Friday, October 17, 2008

My Evening With The ScoLo Quartet in Manila

While queuing at the entrance to the Rockwell tent to get my wrist stamped for the John Scofield & Joe Lovano (ScoLo) Quartet concert last October 16, a guy behind me muttered, "You know when what you're watching is a jazz show--the dudes come much earlier than the chicks."

There may be some truth to the observation. These intimate mainstream jazz gigs are indeed dominated by males, many of whom are musicians themselves teaching or studying at the conservatory and performing in ensembles, or professionals in bands doing the nightly city circuit. Others are enthusiasts
toting their cameras (no lighters or pen lights) and well-kept posters, magazines LPs and CDs of their idols, hoping for an autograph later.

I myself have become a fan of these events and have enjoyed the relaxed and quaint atmosphere they bring. Outside the tent are food stalls vending sausages and finger foods, beer and a selection of wines. Nearly everyone aims to get a light buzz before the opening act. But for now, they check out the posters, shirts,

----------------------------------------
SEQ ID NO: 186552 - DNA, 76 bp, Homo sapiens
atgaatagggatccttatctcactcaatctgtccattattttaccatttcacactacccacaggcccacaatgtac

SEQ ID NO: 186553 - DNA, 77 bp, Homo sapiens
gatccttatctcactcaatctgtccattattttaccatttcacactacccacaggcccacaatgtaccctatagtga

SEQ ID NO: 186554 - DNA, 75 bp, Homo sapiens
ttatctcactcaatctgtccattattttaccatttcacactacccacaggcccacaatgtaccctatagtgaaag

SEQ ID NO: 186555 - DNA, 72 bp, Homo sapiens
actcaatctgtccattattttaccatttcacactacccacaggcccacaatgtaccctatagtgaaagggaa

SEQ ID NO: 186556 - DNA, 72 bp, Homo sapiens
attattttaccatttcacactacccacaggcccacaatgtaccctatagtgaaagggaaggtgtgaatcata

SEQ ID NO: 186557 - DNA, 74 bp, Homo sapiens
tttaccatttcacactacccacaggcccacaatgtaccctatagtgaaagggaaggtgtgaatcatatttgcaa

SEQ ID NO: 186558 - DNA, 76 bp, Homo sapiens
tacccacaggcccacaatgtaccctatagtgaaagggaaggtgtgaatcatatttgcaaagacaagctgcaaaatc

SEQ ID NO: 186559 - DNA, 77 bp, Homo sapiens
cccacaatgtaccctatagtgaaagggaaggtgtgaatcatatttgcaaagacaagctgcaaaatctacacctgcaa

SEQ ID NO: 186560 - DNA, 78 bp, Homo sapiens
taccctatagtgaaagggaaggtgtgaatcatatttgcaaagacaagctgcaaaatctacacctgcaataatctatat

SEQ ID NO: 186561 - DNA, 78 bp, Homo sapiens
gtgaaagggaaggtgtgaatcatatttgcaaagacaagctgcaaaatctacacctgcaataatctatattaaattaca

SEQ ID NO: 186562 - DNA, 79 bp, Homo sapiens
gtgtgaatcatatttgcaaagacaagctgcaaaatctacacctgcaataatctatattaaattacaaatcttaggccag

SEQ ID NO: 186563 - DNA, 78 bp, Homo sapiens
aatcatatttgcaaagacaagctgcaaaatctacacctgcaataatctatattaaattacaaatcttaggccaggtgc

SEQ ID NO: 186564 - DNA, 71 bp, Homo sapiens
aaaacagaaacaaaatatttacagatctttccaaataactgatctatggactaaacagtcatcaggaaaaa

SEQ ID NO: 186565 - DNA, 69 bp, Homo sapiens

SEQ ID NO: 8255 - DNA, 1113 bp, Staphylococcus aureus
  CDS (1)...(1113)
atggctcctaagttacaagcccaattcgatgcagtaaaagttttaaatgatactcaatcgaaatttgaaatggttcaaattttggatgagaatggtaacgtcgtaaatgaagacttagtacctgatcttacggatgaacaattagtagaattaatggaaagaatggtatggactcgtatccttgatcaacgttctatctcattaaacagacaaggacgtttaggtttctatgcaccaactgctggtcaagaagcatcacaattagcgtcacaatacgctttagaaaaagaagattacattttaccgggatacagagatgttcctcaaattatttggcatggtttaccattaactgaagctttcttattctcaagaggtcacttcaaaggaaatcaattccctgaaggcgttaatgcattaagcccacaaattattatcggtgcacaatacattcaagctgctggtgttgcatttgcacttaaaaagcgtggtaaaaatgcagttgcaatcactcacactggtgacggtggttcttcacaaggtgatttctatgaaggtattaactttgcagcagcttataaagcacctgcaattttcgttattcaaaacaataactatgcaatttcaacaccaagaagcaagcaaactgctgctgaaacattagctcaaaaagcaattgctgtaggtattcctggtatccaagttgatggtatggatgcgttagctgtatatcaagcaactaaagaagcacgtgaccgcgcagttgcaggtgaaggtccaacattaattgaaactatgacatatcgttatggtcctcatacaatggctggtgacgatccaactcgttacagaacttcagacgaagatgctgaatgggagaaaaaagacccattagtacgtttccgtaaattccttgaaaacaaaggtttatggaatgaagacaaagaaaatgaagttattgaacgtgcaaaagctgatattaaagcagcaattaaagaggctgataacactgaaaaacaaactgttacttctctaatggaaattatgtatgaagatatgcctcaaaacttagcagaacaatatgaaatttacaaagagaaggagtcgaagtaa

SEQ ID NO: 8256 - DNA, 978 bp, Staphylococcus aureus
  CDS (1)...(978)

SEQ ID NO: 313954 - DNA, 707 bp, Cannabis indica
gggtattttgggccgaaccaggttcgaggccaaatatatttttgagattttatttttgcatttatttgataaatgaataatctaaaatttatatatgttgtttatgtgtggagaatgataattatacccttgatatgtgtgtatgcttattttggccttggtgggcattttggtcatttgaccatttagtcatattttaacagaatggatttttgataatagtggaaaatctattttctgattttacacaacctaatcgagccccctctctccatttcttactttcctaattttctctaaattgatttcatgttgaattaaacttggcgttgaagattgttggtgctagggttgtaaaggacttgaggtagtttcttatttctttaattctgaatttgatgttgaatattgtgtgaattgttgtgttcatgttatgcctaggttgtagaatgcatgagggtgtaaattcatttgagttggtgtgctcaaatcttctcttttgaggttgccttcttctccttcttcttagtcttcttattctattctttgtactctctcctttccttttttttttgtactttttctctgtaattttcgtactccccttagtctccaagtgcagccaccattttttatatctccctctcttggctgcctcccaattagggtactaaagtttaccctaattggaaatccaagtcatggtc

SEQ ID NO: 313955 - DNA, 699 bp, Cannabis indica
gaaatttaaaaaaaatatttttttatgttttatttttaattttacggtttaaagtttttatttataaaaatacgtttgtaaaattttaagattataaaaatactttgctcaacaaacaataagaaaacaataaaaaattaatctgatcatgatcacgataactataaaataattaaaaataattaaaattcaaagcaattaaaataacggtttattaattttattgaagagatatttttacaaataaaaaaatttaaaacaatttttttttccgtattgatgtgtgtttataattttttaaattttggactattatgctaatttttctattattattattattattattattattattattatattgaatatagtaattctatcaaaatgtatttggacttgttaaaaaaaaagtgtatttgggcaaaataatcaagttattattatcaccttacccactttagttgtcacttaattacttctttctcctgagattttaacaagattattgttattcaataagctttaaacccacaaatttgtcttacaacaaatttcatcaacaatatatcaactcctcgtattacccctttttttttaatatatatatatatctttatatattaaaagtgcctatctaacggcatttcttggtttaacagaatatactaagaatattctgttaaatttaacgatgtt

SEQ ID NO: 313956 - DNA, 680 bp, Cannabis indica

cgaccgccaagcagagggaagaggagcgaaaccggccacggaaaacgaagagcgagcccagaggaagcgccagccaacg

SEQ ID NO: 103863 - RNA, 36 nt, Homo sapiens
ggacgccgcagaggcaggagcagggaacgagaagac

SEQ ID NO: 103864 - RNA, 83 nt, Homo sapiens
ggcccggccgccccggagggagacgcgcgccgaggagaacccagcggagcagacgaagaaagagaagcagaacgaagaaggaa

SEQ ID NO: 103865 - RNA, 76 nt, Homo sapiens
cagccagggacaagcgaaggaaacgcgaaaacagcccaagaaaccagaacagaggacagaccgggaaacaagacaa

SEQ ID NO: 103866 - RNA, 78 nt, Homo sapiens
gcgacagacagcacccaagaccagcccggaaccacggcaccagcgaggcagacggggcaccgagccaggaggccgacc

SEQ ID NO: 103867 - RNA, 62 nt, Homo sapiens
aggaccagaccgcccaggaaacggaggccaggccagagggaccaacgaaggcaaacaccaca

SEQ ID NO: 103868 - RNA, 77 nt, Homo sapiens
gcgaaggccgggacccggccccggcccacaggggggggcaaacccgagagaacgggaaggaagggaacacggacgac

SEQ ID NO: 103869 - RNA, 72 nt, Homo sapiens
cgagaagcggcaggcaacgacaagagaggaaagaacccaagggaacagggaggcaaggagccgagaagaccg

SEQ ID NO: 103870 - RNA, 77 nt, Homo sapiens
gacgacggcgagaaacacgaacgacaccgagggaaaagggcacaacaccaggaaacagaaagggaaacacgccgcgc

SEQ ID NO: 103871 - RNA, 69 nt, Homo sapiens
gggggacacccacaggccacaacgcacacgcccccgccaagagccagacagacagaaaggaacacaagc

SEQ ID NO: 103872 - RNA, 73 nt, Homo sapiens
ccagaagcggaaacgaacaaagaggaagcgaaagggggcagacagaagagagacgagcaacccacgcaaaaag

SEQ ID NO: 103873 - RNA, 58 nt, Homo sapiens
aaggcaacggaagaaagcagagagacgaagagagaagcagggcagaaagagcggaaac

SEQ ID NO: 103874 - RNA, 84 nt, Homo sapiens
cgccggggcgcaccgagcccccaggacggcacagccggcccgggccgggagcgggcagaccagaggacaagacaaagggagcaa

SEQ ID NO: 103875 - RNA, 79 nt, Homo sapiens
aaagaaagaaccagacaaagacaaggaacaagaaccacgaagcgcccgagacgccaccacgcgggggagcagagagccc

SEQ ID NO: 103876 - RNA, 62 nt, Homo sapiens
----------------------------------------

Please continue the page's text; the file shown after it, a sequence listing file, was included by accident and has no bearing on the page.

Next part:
CDs and other merchandise waiting to be bought.

Inside the venue, people pick their spots and wave to fellow guests. Everyone seems to know each other. Perhaps they've recorded at the same studio or have met during some other jazz fest. They catch up on industry gossip (did you know Herbie Hancock is coming over next year?) and await the announcement for the show to begin.

And it does. The crowd bursts into cheers when legendary guitarist John Scofield and saxman Joe Lovano emerge with super talented artists acoustic bassist Matt Penman and drummer Matt Wilson. Cameras click away, of course (as does mine). How often does one, after all, be in the presence of such music royalty?

As I said, the show is pretty is intimate, and I in my front row seat cannot help